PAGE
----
In September 2008, the CD Dancing Alone, songs of William Hawkins was released by True North Records under the musical supervision of Ian Tamblyn and the support of Harvey Glatt. This exceptional recording interprets Hawkins' music and the lineup brings together two generations of Canada´s best folk, blues, jazz and country artists. Check out the who's talking page for reviews.
William Hawkins' 60s band, The Children, release their first album on June 18, 2013. The Children never released an album in their two–year career, yet they left behind a rich legacy of live and demo recordings. "Time Capsule: The Unreleased 1960s Masters" is on the True North Records label. Listen to CBC All in a Day interview to hear what Bill, Sneezy and Neville think about digging up the past.
William is the author of seven books of poetry, the most recent being his Selected Poems, also titled Dancing Alone, published by Broken Jaw Press in 2005.
In October 2010, Apt. 9 Press released Sweet & Sour Nothings which was to be Hawkins’ seventh book of poems. Originally announced in February 1980, the only appearance of these poems followed in an issue of Anthos. The text has been edited for this new edition by Roy MacSkimming. Apt. 9 is privileged to be (re)publishing this Hawkins title, coinciding with the release of the Wm Hawkins Folio.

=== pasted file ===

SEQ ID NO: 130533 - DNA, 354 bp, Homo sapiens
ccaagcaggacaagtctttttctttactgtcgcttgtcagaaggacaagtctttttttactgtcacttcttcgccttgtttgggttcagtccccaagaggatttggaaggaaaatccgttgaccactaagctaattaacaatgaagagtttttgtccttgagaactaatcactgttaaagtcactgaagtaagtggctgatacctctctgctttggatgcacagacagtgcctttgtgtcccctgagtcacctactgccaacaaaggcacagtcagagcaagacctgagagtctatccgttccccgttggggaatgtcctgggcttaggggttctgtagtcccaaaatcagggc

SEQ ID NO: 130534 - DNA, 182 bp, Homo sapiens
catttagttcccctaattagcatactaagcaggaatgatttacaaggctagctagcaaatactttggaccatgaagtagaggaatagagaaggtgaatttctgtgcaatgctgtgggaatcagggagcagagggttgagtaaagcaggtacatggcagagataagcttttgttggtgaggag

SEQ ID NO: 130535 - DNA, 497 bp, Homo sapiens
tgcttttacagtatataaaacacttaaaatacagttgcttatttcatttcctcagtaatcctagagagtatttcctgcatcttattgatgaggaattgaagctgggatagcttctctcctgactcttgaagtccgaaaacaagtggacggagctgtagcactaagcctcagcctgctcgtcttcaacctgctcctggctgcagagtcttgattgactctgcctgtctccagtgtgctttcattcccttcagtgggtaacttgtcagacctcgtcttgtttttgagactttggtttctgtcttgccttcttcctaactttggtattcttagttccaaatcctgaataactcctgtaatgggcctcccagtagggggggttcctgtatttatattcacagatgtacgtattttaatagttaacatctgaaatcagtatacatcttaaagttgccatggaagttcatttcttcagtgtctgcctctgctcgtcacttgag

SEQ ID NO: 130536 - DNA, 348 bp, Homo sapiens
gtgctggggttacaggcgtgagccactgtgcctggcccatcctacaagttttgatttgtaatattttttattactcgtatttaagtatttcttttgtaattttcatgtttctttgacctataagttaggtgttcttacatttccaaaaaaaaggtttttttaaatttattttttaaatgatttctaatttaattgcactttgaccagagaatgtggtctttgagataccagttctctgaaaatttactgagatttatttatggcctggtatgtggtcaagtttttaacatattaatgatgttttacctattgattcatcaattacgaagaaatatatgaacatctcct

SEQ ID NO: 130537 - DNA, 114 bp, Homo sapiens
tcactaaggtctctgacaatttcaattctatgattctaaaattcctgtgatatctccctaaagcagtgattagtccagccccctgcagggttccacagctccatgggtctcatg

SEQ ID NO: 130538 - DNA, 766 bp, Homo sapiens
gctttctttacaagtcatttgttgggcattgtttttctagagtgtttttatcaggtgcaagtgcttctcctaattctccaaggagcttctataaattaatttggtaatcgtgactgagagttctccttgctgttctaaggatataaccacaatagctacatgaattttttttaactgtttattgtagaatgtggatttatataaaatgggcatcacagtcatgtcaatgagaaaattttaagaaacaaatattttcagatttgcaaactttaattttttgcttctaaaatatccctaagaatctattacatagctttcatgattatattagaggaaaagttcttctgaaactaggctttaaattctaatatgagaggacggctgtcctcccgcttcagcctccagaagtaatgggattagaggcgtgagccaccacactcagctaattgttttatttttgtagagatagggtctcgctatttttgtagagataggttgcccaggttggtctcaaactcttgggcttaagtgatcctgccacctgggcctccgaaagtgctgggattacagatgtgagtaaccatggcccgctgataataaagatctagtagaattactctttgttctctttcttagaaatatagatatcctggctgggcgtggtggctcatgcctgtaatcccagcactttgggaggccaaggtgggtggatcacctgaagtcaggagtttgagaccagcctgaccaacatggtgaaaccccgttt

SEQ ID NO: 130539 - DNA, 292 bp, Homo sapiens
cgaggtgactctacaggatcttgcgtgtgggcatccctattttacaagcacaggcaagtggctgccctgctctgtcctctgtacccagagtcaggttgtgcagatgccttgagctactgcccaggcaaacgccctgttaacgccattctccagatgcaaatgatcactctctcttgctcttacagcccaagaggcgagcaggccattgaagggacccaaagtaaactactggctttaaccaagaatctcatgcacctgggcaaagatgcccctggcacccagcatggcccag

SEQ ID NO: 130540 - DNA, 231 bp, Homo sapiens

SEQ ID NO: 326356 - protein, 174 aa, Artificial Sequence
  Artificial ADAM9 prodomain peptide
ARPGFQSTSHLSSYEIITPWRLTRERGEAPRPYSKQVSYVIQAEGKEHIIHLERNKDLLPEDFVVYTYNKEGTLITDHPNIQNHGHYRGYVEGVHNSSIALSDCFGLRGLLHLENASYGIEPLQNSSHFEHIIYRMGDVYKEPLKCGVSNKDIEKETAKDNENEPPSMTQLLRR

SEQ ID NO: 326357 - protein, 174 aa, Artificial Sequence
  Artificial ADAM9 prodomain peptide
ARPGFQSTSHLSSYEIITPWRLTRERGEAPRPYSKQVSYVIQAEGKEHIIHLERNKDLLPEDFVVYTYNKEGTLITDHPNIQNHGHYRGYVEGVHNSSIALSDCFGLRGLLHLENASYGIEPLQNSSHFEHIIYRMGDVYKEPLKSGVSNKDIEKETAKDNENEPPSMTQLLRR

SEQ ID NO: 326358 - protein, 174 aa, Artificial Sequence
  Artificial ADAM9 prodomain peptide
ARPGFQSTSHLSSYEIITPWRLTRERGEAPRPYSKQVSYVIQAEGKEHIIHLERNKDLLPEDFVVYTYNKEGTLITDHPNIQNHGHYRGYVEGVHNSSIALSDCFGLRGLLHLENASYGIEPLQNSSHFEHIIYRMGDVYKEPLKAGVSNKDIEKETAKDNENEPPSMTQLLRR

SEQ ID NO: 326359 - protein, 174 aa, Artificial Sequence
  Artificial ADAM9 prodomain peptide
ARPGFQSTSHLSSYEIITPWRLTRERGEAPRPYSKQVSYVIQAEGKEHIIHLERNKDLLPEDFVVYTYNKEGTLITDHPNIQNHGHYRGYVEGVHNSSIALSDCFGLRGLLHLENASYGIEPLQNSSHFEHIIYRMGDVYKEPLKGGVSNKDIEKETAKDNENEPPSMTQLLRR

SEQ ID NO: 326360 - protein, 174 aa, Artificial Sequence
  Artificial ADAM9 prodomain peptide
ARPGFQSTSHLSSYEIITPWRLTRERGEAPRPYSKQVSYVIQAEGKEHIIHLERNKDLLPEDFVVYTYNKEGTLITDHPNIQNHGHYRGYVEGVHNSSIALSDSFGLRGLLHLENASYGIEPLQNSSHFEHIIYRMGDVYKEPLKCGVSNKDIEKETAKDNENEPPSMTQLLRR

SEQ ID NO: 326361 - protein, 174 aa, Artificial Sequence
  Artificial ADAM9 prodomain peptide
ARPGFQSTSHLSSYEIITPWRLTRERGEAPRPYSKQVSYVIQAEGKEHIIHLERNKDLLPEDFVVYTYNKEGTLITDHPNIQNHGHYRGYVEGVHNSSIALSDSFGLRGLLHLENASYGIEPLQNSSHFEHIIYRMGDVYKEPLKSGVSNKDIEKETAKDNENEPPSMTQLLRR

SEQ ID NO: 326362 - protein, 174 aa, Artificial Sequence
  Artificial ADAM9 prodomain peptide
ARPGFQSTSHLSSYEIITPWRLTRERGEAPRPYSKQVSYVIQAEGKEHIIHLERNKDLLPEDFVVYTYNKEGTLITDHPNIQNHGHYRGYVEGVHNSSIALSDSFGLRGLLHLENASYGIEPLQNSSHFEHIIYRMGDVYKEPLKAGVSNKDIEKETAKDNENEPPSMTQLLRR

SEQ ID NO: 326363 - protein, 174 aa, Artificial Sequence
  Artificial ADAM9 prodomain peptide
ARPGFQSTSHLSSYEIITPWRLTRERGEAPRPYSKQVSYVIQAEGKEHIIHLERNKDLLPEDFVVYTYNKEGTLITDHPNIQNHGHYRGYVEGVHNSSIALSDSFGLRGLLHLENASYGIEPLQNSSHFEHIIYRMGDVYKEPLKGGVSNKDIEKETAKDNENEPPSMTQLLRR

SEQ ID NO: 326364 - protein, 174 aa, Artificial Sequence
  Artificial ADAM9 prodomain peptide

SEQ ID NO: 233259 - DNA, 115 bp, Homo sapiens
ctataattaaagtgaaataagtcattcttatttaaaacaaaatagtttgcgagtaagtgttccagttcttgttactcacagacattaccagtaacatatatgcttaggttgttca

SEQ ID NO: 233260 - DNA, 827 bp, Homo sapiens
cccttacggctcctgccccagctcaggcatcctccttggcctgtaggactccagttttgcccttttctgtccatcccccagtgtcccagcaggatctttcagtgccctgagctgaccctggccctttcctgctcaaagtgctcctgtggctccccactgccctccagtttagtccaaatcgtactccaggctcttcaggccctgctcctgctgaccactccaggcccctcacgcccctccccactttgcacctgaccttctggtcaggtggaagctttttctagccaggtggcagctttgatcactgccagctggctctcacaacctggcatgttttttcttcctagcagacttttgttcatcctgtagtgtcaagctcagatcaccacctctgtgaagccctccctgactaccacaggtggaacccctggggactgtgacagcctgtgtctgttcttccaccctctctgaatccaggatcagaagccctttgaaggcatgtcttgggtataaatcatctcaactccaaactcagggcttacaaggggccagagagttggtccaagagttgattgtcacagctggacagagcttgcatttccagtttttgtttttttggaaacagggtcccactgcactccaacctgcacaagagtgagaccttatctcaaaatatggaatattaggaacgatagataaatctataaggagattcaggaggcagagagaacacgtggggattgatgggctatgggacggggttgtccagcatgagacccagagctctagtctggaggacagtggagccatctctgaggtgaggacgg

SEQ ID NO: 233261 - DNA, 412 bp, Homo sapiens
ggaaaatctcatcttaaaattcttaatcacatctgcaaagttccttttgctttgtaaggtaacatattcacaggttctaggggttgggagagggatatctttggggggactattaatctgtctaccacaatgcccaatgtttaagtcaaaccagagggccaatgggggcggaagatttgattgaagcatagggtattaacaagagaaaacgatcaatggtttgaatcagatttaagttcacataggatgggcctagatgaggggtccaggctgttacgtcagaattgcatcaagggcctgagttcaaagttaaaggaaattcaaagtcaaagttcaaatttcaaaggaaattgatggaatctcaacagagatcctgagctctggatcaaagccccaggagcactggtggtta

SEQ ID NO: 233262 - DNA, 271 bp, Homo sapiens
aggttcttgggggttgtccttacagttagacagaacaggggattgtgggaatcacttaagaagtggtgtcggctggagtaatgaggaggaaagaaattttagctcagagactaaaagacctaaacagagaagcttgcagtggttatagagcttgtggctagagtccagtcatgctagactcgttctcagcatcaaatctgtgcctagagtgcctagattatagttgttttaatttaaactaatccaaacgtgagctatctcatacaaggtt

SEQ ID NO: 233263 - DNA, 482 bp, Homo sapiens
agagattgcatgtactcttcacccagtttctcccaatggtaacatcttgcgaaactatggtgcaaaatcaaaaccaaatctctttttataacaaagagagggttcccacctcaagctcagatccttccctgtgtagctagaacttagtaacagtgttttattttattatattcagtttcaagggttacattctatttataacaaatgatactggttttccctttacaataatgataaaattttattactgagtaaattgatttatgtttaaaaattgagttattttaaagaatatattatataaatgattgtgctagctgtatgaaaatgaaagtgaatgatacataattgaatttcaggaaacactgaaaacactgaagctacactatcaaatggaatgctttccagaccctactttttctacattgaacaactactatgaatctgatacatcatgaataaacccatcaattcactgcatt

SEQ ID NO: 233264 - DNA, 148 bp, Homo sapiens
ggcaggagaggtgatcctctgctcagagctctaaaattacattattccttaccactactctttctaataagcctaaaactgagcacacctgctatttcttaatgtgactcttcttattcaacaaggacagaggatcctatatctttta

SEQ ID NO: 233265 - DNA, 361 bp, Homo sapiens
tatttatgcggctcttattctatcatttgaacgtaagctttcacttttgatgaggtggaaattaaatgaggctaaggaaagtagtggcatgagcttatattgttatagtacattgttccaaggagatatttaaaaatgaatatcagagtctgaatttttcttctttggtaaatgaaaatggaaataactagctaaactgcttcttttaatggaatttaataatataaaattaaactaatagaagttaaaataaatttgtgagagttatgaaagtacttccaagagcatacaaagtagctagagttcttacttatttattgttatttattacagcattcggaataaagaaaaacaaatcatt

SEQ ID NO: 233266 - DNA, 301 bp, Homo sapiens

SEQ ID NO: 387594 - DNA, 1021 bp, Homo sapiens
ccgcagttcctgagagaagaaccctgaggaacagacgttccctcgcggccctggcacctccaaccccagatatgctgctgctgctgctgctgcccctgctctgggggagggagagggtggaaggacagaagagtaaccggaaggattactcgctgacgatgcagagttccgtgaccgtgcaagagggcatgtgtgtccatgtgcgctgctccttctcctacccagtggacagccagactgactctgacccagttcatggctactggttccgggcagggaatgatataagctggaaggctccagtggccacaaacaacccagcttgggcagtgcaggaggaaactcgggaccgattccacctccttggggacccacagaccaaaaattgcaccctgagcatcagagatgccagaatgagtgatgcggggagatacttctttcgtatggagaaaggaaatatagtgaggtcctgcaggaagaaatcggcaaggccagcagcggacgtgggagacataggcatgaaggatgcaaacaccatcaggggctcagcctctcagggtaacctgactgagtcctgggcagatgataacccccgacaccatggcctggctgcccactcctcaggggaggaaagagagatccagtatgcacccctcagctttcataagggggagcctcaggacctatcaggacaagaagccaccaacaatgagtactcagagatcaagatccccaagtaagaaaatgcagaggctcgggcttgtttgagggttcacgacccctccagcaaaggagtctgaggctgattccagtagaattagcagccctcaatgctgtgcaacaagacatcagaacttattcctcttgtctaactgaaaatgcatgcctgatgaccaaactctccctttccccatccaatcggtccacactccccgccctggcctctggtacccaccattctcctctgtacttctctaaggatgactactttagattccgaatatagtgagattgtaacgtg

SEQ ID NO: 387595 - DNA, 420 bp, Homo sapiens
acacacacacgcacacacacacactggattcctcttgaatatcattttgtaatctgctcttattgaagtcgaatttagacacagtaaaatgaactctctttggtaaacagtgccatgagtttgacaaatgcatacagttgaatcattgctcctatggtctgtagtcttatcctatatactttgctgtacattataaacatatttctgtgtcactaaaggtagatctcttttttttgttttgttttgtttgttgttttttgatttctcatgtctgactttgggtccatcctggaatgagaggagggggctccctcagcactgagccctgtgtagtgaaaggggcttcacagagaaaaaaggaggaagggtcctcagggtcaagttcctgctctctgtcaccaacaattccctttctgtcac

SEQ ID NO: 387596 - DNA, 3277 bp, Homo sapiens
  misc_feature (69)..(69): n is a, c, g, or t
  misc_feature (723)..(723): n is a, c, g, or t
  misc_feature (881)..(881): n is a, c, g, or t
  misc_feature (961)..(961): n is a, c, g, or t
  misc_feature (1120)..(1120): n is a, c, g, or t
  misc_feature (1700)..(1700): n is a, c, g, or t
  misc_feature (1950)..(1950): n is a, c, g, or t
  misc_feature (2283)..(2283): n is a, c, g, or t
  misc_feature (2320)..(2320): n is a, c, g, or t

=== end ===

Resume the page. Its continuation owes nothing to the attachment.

In 2013, VERSeOttawa decided to create the VERSeOttawa Hall of Honour as a way of recognizing the important contributions made to the Ottawa poetry community. VERSeOttawa is proud to recognize William Hawkins in an induction ceremony being held on March 17th at the Knox Presbyterian Church.
In summer of 1963, Hawkins drove west with his friend Roy MacSkimming to attend a celebrated, one-of-a-kind writing course offered by the University of British Columbia English department: an intensive program for aspiring poets, juried into the program on the quality of their work. The program offered the chance to work with an astonishing "faculty," including Allen Ginsberg, Charles Olson, Robert Duncan and Robert Creeley.
The two young poets returned to self-publish their Shoot Low, Sheriff, They’re Riding Shetland Ponies (Ottawa, 1964), a 56-page, stapled paperback with droll cover portraits by Chris Wells. Bill Roberts of Shirley Leishman Books took over distribution.
Bill’s second collaboration was with Ottawa poet, Harry Howith. Two Longer Poems (Patrician Press. Toronto, 1965) consists of Howith’s "The Seasons of Miss Nicky" and Hawkins’ "Louis Riel". Moved by George F.G. Stanley’s biography of Riel, Bill wrote a 36-page sequence of meditations on Riel’s visions, madness (the poem’s term) and execution.